The Utility Fighter amazes me every time I pick it up. It is so well balanced, nimble, and maneuverable feeling. I can’t imagine the UF2 being any less so. :thumbsup:

    Phil
     
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  6. SwarthyGnome

    SwarthyGnome Gold Member Gold Member

    349
    Nov 1, 2018
    Hello Nathan. I am quite excited to receive the weaponized K18. My question is regarding the profile of the blade: is the profile much different than a typical K18? Could you take a picture with the weaponized in front of typical K18?
    My concern is I will need a sheath and the easiest potential here is an Azwelke.
    Thank you.
     
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  7. Icky Thump

    Icky Thump Gold Member Gold Member

    Dec 8, 2011
    100%

    UF probably my favorite. It really is awesome. Very much looking forward to the UF2, the Micro EDC and the DEK3..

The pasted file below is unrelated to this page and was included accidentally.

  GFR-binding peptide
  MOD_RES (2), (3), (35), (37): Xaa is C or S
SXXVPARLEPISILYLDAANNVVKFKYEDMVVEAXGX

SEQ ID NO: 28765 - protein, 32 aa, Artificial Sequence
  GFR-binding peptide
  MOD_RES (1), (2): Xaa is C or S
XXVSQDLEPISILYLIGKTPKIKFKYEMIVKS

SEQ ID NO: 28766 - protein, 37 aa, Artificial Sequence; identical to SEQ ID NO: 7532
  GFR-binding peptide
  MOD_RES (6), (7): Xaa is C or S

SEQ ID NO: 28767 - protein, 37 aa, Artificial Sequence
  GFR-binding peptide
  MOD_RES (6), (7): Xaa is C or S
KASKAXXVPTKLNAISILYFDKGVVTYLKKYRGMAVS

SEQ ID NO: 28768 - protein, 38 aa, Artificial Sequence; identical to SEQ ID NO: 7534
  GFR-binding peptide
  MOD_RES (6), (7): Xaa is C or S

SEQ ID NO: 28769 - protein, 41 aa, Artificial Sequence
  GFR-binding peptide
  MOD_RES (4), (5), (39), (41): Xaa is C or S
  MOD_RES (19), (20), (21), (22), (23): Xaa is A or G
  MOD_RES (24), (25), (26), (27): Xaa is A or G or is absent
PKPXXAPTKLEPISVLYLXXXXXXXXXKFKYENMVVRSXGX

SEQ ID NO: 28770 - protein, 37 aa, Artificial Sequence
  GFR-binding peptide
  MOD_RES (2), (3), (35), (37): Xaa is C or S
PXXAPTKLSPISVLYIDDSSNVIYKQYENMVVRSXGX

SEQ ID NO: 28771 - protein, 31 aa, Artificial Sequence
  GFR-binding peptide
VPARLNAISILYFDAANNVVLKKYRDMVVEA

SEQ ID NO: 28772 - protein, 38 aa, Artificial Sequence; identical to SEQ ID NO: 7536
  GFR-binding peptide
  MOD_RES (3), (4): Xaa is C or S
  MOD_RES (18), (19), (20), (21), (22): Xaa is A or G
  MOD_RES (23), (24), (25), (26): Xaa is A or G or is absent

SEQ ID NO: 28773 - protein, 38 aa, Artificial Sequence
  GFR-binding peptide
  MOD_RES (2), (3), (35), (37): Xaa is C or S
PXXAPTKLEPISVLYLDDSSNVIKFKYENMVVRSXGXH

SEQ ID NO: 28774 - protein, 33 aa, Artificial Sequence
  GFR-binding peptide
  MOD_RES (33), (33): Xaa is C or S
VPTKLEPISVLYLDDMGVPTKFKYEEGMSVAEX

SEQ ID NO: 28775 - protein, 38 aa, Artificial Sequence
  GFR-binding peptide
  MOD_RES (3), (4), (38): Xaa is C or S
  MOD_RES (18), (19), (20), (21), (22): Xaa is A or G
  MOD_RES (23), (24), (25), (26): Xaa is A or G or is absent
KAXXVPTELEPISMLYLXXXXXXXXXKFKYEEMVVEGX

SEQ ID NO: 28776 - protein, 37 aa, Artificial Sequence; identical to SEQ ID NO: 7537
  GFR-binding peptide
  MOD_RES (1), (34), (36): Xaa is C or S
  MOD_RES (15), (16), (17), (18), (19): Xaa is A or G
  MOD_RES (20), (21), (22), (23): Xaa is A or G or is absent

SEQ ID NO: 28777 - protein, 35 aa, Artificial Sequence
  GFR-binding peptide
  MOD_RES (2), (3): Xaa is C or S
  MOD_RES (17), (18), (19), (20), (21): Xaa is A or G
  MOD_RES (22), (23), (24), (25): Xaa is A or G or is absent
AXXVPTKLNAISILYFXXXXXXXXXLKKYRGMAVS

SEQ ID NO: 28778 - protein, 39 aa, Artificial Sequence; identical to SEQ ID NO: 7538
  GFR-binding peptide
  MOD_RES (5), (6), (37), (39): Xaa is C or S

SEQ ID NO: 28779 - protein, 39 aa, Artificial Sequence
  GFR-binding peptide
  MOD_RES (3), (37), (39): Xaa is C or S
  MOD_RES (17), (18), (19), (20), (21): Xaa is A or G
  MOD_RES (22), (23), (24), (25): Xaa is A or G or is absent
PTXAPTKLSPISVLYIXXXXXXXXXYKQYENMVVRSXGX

So much to look forward to, really. I heard axe, integral..and another sword? Good stuff coming, for sure.
     
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  8. Nathan the Machinist

    Nathan the Machinist KnifeMaker / Machinist / Evil Genius Moderator Knifemaker / Craftsman / Service Provider

    Feb 13, 2007
    I would think a standard sheath would work.

    I will take a picture on Monday for you.

    If you would like, I could send this directly to a sheath maker for you.
     
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  9. Grenock

    Grenock Platinum Member Platinum Member

    Apr 7, 2016
    Me love kydex long time, BUT, that mf’er deserves leather. Chad, Bill, Paul or that narrow assed Canadian should be putting skin on this one.